The mammary system in mammals is complex and differs by species. Cattle have four mammary glands and four teats from those glands. Goats have only two mammary glands and 2 teats, while horses have 4 mammary glands and only 2 teats. It is confusing but each species is different because its milk production needs are different.
The beef cattle in the field trip were produced for their meat, but the other type of cattle, dairy cattle, are produced for milk. Almost everyone drinks milk. You probably have milk on your cereal in the morning or with your lunch at school.
Milk is produced from blood that is processed through the cow's udder. For every pound of milk produced by a cow, 300 to 500 pounds of blood have to pass through the udder. This seems like a lot, but it takes a great deal of blood to go through al the alveoli in an udder. Lets take a look at an udder to see where all the parts are that help produce the milk we drink. We can also find out what each of those parts does to help make milk.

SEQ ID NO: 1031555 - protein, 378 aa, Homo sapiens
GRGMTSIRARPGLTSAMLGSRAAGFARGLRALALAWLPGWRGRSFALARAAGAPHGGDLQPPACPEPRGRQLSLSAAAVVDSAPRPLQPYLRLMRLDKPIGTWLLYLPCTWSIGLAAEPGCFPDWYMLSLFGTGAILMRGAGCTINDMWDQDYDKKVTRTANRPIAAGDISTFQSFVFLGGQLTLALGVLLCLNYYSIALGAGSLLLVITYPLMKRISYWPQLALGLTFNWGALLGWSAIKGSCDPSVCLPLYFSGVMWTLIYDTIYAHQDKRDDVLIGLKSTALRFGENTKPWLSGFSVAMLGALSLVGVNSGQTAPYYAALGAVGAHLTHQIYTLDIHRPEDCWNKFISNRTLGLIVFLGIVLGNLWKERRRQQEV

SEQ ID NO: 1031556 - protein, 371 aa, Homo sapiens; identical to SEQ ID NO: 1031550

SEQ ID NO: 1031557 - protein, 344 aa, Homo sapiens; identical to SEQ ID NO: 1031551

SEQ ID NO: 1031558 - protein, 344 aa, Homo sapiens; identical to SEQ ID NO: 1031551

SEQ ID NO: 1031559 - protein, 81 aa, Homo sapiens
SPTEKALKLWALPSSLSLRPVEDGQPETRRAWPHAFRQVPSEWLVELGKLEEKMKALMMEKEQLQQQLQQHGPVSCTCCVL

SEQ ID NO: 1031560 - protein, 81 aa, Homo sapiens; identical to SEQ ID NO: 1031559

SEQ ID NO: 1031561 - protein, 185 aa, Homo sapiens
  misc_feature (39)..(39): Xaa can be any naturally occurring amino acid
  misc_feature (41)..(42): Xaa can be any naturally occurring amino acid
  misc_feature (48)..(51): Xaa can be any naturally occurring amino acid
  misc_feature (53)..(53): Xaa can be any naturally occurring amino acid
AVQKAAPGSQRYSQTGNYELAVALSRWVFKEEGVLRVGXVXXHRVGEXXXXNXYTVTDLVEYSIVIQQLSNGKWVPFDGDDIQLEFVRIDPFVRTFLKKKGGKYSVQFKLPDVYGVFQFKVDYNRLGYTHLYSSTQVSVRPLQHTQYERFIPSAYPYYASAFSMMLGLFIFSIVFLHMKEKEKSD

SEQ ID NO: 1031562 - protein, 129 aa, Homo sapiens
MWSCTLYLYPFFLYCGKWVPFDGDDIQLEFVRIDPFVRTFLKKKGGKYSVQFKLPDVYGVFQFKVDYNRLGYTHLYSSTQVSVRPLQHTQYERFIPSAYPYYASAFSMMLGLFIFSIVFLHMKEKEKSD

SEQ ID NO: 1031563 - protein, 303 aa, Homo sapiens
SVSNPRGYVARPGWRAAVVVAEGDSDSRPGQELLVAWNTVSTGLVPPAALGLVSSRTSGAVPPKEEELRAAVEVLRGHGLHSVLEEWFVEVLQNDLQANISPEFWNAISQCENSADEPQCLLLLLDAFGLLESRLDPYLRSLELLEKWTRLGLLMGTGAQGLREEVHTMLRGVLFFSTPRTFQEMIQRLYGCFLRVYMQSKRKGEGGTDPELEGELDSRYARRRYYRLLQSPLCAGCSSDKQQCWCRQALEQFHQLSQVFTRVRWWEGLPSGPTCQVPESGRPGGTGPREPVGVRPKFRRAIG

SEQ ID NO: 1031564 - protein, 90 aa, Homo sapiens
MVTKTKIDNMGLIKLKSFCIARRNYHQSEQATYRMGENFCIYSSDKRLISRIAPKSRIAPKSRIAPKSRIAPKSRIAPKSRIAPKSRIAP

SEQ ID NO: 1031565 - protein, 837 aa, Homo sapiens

Lobe - houses the alveoli
Alveoli - spherical shaped structures making up the primary component of the mammary gland. Consist of a lumen, which is surrounded by secretory cells that produce the milk, and myoepithelial cells, which contract to squeeze the milk out of the lumen into the mammary gland ducts.
Support Tissue - helps the udder keep its shape and also will not allow milk to flow out before milking begins.
Major Duct - acts as a storage cistern for milk until milking begins. Gland Cistern - this larger collection area receives milk from the ducts and alveoli. The milk gathers in this area.
Teat Cistern - holding area for milk before it is stripped out of the teat.
Teat Canal - where the milk comes out of the udder.
Take the quiz on the parts of the udder to see what you learned.